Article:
Model No. A1367 / 8, 16, 32, or 64 GB capacity

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not charging after water damage

Hi Steffen,

I'm in the same place. I have a touch-4g that's been water damaged and the charging circuit has failed.

I have soaked and cleaned the logic board in alcohol to remove any corrosion.

The unit is functional but the battery won't charge. I have the battery out of the unit and can charge it successfully with a seperate Li-ion charger.

Like you, I'm interested in attempting a DIY repair. I'm looking for anyone who has some details of what the charging curcuit looks like. It doesn't have to be the touch 4g specifically. My guess is that the circuit is probably similar across touch models and possibly some iPhones too.

On my unit, there's a tiny inductor next to the speaker connections on the backside of the lower logic board that looks suspicious (it runs extremely hot when the charger is plugged in), but I'd like to be armed with a few technical details before digging in with test equipment.

If you, or others following this thread, come across some basic info about the charging circuit in iPod touches please do share...



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Hi Robert,

It seems that you have the same problem. Maybe you can take the same route. Or maybe you have to go a different one.

Here is what I would do: I would measure the battery (unplugged) and find out if it is (actually) gone. The technical question I cannot answer in this regard is: Could it be that the battery can be charged (as you experience it) but - at the same time - cannot hold its charge? As my battery indicated, it could not provide the voltage needed to switch on the iPod.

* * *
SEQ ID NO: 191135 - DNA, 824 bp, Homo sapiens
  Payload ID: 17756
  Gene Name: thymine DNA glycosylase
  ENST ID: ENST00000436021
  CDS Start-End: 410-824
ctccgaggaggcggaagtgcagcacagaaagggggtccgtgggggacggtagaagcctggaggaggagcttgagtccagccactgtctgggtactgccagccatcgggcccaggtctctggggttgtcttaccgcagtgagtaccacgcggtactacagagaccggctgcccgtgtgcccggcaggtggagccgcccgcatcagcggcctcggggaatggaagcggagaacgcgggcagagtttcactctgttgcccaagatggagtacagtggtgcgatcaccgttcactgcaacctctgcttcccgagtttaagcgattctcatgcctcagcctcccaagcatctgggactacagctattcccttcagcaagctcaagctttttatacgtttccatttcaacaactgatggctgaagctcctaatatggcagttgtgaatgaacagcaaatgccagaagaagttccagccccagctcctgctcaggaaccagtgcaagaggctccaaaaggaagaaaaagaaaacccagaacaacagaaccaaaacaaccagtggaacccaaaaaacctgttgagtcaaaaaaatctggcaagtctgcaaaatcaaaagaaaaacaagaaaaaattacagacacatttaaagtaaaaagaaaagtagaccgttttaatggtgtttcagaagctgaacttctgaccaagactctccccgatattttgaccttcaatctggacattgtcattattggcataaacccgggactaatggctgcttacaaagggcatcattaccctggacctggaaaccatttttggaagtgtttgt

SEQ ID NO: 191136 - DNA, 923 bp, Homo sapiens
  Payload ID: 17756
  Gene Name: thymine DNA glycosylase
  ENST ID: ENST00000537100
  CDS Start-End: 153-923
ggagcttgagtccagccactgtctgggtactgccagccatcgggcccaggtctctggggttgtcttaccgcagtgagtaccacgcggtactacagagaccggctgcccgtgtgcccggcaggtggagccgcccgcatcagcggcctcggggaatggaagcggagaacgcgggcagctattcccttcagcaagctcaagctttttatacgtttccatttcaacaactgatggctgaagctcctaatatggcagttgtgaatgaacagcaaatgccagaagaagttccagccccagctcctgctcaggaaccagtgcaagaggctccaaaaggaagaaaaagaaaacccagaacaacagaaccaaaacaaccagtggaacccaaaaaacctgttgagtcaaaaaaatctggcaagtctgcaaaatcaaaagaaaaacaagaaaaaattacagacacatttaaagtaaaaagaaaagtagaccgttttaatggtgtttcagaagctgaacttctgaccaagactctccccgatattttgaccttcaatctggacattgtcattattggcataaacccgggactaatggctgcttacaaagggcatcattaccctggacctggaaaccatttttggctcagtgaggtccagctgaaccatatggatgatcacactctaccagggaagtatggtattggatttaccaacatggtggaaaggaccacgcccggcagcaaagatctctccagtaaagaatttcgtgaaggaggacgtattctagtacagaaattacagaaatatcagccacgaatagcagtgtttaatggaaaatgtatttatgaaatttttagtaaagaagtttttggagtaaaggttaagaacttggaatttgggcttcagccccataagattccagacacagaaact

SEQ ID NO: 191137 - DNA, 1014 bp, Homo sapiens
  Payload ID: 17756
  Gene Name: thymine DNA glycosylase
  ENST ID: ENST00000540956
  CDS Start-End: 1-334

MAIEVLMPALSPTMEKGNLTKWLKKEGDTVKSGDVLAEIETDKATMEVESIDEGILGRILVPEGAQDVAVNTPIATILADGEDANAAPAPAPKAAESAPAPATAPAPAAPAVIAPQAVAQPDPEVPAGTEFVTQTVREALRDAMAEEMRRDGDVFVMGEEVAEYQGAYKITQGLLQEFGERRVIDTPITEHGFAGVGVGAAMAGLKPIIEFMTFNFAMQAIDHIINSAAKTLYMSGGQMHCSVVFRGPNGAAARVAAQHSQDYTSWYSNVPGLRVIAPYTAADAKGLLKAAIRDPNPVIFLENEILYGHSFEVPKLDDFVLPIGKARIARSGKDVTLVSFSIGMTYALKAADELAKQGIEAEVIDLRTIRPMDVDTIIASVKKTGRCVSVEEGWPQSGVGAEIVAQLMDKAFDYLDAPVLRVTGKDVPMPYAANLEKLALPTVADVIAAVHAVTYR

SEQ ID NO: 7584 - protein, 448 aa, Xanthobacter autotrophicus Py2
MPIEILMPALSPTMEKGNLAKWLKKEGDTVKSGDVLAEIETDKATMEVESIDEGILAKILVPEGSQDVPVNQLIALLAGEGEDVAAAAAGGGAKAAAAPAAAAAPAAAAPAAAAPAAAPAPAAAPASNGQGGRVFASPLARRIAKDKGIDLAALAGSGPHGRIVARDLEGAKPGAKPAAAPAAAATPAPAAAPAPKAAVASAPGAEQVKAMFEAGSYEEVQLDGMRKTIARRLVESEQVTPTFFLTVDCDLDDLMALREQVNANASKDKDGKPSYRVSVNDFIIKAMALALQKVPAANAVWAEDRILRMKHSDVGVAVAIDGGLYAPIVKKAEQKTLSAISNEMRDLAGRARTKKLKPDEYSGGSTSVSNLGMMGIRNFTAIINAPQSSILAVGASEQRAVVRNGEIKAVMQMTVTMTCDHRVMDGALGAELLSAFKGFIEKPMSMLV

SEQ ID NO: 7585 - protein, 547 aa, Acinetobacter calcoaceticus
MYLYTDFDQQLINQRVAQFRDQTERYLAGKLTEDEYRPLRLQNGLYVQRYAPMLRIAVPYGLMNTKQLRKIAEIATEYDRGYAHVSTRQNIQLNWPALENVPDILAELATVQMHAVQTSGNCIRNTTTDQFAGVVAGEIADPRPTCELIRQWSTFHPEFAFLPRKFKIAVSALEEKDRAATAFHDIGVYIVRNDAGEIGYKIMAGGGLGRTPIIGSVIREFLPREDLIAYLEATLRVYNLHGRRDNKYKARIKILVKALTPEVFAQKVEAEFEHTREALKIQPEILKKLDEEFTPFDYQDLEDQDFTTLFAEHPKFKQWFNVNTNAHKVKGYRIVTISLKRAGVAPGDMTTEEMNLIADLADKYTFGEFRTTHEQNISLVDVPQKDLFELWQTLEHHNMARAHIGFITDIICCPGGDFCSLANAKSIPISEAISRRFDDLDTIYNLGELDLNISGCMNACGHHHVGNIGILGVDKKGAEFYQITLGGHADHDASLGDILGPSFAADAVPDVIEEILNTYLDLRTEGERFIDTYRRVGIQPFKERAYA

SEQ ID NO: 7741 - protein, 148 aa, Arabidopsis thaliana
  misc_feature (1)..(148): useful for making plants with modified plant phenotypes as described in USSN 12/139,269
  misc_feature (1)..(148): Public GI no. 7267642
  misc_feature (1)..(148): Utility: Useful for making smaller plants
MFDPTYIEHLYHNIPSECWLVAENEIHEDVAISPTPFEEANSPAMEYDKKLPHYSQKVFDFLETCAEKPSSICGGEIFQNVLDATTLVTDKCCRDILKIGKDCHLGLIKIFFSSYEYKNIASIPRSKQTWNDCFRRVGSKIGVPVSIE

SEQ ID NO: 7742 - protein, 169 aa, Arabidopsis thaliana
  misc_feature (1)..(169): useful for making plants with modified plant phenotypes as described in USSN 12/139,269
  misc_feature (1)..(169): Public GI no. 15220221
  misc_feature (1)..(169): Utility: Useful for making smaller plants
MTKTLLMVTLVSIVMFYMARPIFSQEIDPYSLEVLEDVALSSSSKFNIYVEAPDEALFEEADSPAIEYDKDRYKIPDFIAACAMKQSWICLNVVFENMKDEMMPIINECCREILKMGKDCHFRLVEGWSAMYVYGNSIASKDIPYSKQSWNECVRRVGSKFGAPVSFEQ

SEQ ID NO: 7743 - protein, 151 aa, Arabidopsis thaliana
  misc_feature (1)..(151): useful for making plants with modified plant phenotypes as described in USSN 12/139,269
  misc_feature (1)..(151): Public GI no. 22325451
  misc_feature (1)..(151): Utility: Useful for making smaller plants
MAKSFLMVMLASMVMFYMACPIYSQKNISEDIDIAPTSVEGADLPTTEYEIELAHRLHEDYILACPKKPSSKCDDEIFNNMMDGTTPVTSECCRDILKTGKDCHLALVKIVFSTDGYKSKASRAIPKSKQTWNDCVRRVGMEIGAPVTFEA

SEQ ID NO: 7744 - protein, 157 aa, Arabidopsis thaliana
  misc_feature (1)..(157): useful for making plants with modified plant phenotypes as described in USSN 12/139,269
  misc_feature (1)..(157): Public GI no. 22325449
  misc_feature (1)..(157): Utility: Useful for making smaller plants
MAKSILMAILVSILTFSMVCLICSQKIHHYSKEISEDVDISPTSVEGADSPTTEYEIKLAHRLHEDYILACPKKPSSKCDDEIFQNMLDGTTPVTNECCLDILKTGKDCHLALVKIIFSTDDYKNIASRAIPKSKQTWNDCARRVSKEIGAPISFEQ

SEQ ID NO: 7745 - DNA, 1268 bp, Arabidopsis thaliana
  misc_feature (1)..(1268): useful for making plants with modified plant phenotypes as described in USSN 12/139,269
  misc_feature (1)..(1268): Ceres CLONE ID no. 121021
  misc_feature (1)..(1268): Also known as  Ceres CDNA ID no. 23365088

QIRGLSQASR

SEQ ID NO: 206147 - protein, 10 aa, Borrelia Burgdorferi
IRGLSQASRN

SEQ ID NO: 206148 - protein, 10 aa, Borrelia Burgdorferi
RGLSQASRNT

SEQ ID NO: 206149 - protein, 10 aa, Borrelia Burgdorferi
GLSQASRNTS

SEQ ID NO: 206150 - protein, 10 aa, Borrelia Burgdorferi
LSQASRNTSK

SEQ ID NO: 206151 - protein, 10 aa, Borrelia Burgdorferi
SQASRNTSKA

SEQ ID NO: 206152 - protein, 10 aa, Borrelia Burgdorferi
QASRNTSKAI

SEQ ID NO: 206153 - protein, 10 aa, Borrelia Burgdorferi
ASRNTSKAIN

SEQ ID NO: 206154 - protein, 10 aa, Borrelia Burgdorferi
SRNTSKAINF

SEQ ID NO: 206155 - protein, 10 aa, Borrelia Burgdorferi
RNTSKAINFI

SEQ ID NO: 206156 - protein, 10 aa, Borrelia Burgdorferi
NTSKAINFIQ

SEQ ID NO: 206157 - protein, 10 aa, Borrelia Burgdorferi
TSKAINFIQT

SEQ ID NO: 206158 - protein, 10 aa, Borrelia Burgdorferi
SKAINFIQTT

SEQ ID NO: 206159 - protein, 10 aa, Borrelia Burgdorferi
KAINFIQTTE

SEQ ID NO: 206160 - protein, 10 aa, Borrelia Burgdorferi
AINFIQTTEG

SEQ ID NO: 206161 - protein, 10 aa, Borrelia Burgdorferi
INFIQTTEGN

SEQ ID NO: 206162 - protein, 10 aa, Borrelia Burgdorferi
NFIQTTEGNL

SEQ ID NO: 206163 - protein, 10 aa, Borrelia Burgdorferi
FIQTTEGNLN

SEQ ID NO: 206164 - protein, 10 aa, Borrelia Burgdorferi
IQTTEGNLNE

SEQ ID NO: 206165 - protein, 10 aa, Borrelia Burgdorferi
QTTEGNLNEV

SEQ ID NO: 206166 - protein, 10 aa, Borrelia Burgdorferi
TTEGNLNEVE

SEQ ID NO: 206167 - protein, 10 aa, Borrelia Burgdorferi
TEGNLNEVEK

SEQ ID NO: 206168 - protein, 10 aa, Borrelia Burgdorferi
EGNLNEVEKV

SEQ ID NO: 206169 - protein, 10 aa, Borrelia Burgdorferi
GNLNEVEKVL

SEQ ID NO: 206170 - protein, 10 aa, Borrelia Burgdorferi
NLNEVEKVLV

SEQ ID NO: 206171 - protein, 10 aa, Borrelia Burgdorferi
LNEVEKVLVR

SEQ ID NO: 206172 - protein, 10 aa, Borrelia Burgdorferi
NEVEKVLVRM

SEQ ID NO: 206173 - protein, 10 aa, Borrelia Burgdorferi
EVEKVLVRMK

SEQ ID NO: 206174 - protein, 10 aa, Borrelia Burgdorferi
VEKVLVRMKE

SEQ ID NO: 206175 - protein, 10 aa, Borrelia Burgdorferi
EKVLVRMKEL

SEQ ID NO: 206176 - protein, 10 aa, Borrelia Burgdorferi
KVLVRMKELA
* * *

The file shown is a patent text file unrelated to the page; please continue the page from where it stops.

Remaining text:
The battery of the iPod seems to have a kind of charging circuit visible attached to it (under the yellow tape). I believe that in my case this circuit unit was destroyed as it got in contact with pool water being pressed into the opening of the dock connector.

Nevertheless, as your diagnosis indicates, the problem might be linked to one or more components on the logic board. Unfortunately, I did not do any further research after I experienced success. Maybe others will be able to help you.


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Robert Miller, the inductor (filter) most likely gets hot due to an over charge from somewhere else. The reason why I say this is, that if it would be a bad part, it would not work at all, therefore would be cold. The only thing that I can offer right now is an image about the charging circuit I downloaded from somewhere and can not give credit for. Anyhow, I would still change the battery. There is a quick, even so non-scientific way of checking, test your logic board without the battery. Connect the LCD into the circuit board and plug in a USB port, if your iPod still gets hot without the battery, then that means your logic board is defective. If it works okay, you need is a new battery. Hope this helps, good luck.

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